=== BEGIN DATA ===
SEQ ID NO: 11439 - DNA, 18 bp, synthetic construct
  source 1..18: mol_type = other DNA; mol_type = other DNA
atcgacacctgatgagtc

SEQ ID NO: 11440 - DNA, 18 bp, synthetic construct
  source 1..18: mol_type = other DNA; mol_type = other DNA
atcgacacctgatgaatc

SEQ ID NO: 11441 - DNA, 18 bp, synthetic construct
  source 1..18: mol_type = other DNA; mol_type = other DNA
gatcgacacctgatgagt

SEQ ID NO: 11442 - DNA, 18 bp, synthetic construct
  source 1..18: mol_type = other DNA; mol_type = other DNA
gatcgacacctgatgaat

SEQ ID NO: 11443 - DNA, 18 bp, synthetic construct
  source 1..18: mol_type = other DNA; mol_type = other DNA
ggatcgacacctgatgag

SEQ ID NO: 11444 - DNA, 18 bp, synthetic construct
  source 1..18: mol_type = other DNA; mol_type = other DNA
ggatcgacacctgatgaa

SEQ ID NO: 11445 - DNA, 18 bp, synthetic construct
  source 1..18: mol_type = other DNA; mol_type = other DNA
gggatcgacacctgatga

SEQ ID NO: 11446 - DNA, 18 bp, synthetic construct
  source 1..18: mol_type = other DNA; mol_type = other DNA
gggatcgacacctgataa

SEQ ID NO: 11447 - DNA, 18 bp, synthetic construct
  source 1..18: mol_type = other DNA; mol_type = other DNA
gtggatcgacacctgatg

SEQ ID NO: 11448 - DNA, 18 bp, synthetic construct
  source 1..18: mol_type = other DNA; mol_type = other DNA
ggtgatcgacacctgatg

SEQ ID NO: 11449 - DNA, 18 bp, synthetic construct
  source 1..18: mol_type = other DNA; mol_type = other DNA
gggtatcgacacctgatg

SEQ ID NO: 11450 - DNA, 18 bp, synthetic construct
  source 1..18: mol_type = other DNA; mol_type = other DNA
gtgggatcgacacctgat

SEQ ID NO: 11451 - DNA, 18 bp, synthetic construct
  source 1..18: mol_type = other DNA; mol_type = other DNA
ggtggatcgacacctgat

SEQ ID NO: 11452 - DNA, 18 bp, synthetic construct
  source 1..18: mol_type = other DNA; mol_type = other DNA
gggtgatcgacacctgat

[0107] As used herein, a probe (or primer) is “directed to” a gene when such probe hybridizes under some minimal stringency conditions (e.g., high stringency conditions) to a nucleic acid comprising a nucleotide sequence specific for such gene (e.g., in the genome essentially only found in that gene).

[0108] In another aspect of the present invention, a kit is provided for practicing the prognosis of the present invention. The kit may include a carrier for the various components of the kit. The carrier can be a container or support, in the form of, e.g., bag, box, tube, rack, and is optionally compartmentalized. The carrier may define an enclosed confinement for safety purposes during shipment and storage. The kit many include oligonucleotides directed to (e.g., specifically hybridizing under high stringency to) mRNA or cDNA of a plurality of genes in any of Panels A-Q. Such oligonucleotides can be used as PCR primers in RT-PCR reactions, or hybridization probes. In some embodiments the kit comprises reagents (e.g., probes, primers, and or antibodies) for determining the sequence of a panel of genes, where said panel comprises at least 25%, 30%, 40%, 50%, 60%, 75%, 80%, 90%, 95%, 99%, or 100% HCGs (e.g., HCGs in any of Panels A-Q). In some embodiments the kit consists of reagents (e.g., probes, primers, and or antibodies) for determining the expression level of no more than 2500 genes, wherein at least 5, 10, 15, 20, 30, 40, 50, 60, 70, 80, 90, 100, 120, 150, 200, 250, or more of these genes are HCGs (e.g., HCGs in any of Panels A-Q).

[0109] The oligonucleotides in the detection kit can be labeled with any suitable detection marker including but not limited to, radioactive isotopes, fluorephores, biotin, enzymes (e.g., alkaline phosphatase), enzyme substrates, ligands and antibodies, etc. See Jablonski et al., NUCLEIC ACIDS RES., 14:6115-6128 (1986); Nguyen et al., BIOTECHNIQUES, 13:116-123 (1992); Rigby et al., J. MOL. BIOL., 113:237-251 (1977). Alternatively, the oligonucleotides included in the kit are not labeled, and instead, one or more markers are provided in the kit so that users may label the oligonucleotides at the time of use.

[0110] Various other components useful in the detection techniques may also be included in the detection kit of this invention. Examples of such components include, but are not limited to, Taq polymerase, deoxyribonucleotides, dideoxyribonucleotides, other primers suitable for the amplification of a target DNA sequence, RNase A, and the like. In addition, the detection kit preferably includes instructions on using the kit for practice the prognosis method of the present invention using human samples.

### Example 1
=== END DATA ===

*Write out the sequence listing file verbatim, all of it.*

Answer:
SEQ ID NO: 11439 - DNA, 18 bp, synthetic construct
  source 1..18: mol_type = other DNA; mol_type = other DNA
atcgacacctgatgagtc

SEQ ID NO: 11440 - DNA, 18 bp, synthetic construct
  source 1..18: mol_type = other DNA; mol_type = other DNA
atcgacacctgatgaatc

SEQ ID NO: 11441 - DNA, 18 bp, synthetic construct
  source 1..18: mol_type = other DNA; mol_type = other DNA
gatcgacacctgatgagt

SEQ ID NO: 11442 - DNA, 18 bp, synthetic construct
  source 1..18: mol_type = other DNA; mol_type = other DNA
gatcgacacctgatgaat

SEQ ID NO: 11443 - DNA, 18 bp, synthetic construct
  source 1..18: mol_type = other DNA; mol_type = other DNA
ggatcgacacctgatgag

SEQ ID NO: 11444 - DNA, 18 bp, synthetic construct
  source 1..18: mol_type = other DNA; mol_type = other DNA
ggatcgacacctgatgaa

SEQ ID NO: 11445 - DNA, 18 bp, synthetic construct
  source 1..18: mol_type = other DNA; mol_type = other DNA
gggatcgacacctgatga

SEQ ID NO: 11446 - DNA, 18 bp, synthetic construct
  source 1..18: mol_type = other DNA; mol_type = other DNA
gggatcgacacctgataa

SEQ ID NO: 11447 - DNA, 18 bp, synthetic construct
  source 1..18: mol_type = other DNA; mol_type = other DNA
gtggatcgacacctgatg

SEQ ID NO: 11448 - DNA, 18 bp, synthetic construct
  source 1..18: mol_type = other DNA; mol_type = other DNA
ggtgatcgacacctgatg

SEQ ID NO: 11449 - DNA, 18 bp, synthetic construct
  source 1..18: mol_type = other DNA; mol_type = other DNA
gggtatcgacacctgatg

SEQ ID NO: 11450 - DNA, 18 bp, synthetic construct
  source 1..18: mol_type = other DNA; mol_type = other DNA
gtgggatcgacacctgat

SEQ ID NO: 11451 - DNA, 18 bp, synthetic construct
  source 1..18: mol_type = other DNA; mol_type = other DNA
ggtggatcgacacctgat

SEQ ID NO: 11452 - DNA, 18 bp, synthetic construct
  source 1..18: mol_type = other DNA; mol_type = other DNA
gggtgatcgacacctgat

[0107] As used herein, a probe (or primer) is “directed to” a gene when such probe hybridizes under some minimal stringency conditions (e.g., high stringency conditions) to a nucleic acid comprising a nucleotide sequence specific for such gene (e.g., in the genome essentially only found in that gene).

[0108] In another aspect of the present invention, a kit is provided for practicing the prognosis of the present invention. The kit may include a carrier for the various components of the kit. The carrier can be a container or support, in the form of, e.g., bag, box, tube, rack, and is optionally compartmentalized. The carrier may define an enclosed confinement for safety purposes during shipment and storage. The kit many include oligonucleotides directed to (e.g., specifically hybridizing under high stringency to) mRNA or cDNA of a plurality of genes in any of Panels A-Q. Such oligonucleotides can be used as PCR primers in RT-PCR reactions, or hybridization probes. In some embodiments the kit comprises reagents (e.g., probes, primers, and or antibodies) for determining the sequence of a panel of genes, where said panel comprises at least 25%, 30%, 40%, 50%, 60%, 75%, 80%, 90%, 95%, 99%, or 100% HCGs (e.g., HCGs in any of Panels A-Q). In some embodiments the kit consists of reagents (e.g., probes, primers, and or antibodies) for determining the expression level of no more than 2500 genes, wherein at least 5, 10, 15, 20, 30, 40, 50, 60, 70, 80, 90, 100, 120, 150, 200, 250, or more of these genes are HCGs (e.g., HCGs in any of Panels A-Q).

[0109] The oligonucleotides in the detection kit can be labeled with any suitable detection marker including but not limited to, radioactive isotopes, fluorephores, biotin, enzymes (e.g., alkaline phosphatase), enzyme substrates, ligands and antibodies, etc. See Jablonski et al., NUCLEIC ACIDS RES., 14:6115-6128 (1986); Nguyen et al., BIOTECHNIQUES, 13:116-123 (1992); Rigby et al., J. MOL. BIOL., 113:237-251 (1977). Alternatively, the oligonucleotides included in the kit are not labeled, and instead, one or more markers are provided in the kit so that users may label the oligonucleotides at the time of use.

[0110] Various other components useful in the detection techniques may also be included in the detection kit of this invention. Examples of such components include, but are not limited to, Taq polymerase, deoxyribonucleotides, dideoxyribonucleotides, other primers suitable for the amplification of a target DNA sequence, RNase A, and the like. In addition, the detection kit preferably includes instructions on using the kit for practice the prognosis method of the present invention using human samples.

### Example 1